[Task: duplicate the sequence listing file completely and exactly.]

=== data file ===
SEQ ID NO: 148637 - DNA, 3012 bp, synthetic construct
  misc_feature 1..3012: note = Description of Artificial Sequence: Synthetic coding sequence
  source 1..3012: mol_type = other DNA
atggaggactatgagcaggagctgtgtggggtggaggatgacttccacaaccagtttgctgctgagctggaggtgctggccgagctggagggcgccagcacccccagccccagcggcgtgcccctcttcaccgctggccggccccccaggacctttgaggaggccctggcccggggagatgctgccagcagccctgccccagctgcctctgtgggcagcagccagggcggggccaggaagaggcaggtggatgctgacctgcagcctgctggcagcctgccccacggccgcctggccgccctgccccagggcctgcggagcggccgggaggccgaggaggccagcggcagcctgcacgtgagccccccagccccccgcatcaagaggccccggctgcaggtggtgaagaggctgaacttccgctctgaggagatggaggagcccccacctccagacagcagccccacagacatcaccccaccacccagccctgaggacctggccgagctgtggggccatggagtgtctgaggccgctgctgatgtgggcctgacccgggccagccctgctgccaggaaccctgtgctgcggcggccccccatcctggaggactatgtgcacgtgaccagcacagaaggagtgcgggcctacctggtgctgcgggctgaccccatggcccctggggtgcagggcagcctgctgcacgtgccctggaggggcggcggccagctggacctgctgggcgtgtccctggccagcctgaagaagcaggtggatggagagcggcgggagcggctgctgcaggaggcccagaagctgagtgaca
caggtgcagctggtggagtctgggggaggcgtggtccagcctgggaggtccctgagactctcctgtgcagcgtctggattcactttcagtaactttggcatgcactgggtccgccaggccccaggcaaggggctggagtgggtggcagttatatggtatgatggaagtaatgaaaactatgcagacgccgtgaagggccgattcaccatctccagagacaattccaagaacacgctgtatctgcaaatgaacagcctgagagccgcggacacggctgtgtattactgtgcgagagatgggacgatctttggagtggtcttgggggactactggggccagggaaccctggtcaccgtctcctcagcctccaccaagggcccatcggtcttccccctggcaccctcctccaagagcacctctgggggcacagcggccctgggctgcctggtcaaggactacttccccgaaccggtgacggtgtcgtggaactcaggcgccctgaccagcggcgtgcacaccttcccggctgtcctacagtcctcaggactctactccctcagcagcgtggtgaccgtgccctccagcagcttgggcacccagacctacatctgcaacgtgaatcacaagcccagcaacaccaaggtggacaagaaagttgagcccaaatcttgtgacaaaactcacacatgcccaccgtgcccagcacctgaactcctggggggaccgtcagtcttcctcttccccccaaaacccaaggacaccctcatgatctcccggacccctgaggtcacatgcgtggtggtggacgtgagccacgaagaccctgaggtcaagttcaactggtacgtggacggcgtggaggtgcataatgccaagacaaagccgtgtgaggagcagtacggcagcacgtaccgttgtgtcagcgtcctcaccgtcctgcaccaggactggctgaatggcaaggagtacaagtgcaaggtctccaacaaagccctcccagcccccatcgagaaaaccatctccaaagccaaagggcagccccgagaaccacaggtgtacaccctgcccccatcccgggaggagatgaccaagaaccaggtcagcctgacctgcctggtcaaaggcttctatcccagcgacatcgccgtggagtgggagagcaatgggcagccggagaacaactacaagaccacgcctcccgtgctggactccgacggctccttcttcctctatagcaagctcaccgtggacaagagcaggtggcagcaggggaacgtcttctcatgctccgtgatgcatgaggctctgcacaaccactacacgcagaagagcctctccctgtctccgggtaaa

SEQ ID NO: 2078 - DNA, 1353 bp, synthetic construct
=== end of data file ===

SEQ ID NO: 148637 - DNA, 3012 bp, synthetic construct
  misc_feature 1..3012: note = Description of Artificial Sequence: Synthetic coding sequence
  source 1..3012: mol_type = other DNA
atggaggactatgagcaggagctgtgtggggtggaggatgacttccacaaccagtttgctgctgagctggaggtgctggccgagctggagggcgccagcacccccagccccagcggcgtgcccctcttcaccgctggccggccccccaggacctttgaggaggccctggcccggggagatgctgccagcagccctgccccagctgcctctgtgggcagcagccagggcggggccaggaagaggcaggtggatgctgacctgcagcctgctggcagcctgccccacggccgcctggccgccctgccccagggcctgcggagcggccgggaggccgaggaggccagcggcagcctgcacgtgagccccccagccccccgcatcaagaggccccggctgcaggtggtgaagaggctgaacttccgctctgaggagatggaggagcccccacctccagacagcagccccacagacatcaccccaccacccagccctgaggacctggccgagctgtggggccatggagtgtctgaggccgctgctgatgtgggcctgacccgggccagccctgctgccaggaaccctgtgctgcggcggccccccatcctggaggactatgtgcacgtgaccagcacagaaggagtgcgggcctacctggtgctgcgggctgaccccatggcccctggggtgcagggcagcctgctgcacgtgccctggaggggcggcggccagctggacctgctgggcgtgtccctggccagcctgaagaagcaggtggatggagagcggcgggagcggctgctgcaggaggcccagaagctgagtgaca
caggtgcagctggtggagtctgggggaggcgtggtccagcctgggaggtccctgagactctcctgtgcagcgtctggattcactttcagtaactttggcatgcactgggtccgccaggccccaggcaaggggctggagtgggtggcagttatatggtatgatggaagtaatgaaaactatgcagacgccgtgaagggccgattcaccatctccagagacaattccaagaacacgctgtatctgcaaatgaacagcctgagagccgcggacacggctgtgtattactgtgcgagagatgggacgatctttggagtggtcttgggggactactggggccagggaaccctggtcaccgtctcctcagcctccaccaagggcccatcggtcttccccctggcaccctcctccaagagcacctctgggggcacagcggccctgggctgcctggtcaaggactacttccccgaaccggtgacggtgtcgtggaactcaggcgccctgaccagcggcgtgcacaccttcccggctgtcctacagtcctcaggactctactccctcagcagcgtggtgaccgtgccctccagcagcttgggcacccagacctacatctgcaacgtgaatcacaagcccagcaacaccaaggtggacaagaaagttgagcccaaatcttgtgacaaaactcacacatgcccaccgtgcccagcacctgaactcctggggggaccgtcagtcttcctcttccccccaaaacccaaggacaccctcatgatctcccggacccctgaggtcacatgcgtggtggtggacgtgagccacgaagaccctgaggtcaagttcaactggtacgtggacggcgtggaggtgcataatgccaagacaaagccgtgtgaggagcagtacggcagcacgtaccgttgtgtcagcgtcctcaccgtcctgcaccaggactggctgaatggcaaggagtacaagtgcaaggtctccaacaaagccctcccagcccccatcgagaaaaccatctccaaagccaaagggcagccccgagaaccacaggtgtacaccctgcccccatcccgggaggagatgaccaagaaccaggtcagcctgacctgcctggtcaaaggcttctatcccagcgacatcgccgtggagtgggagagcaatgggcagccggagaacaactacaagaccacgcctcccgtgctggactccgacggctccttcttcctctatagcaagctcaccgtggacaagagcaggtggcagcaggggaacgtcttctcatgctccgtgatgcatgaggctctgcacaaccactacacgcagaagagcctctccctgtctccgggtaaa

SEQ ID NO: 2078 - DNA, 1353 bp, synthetic construct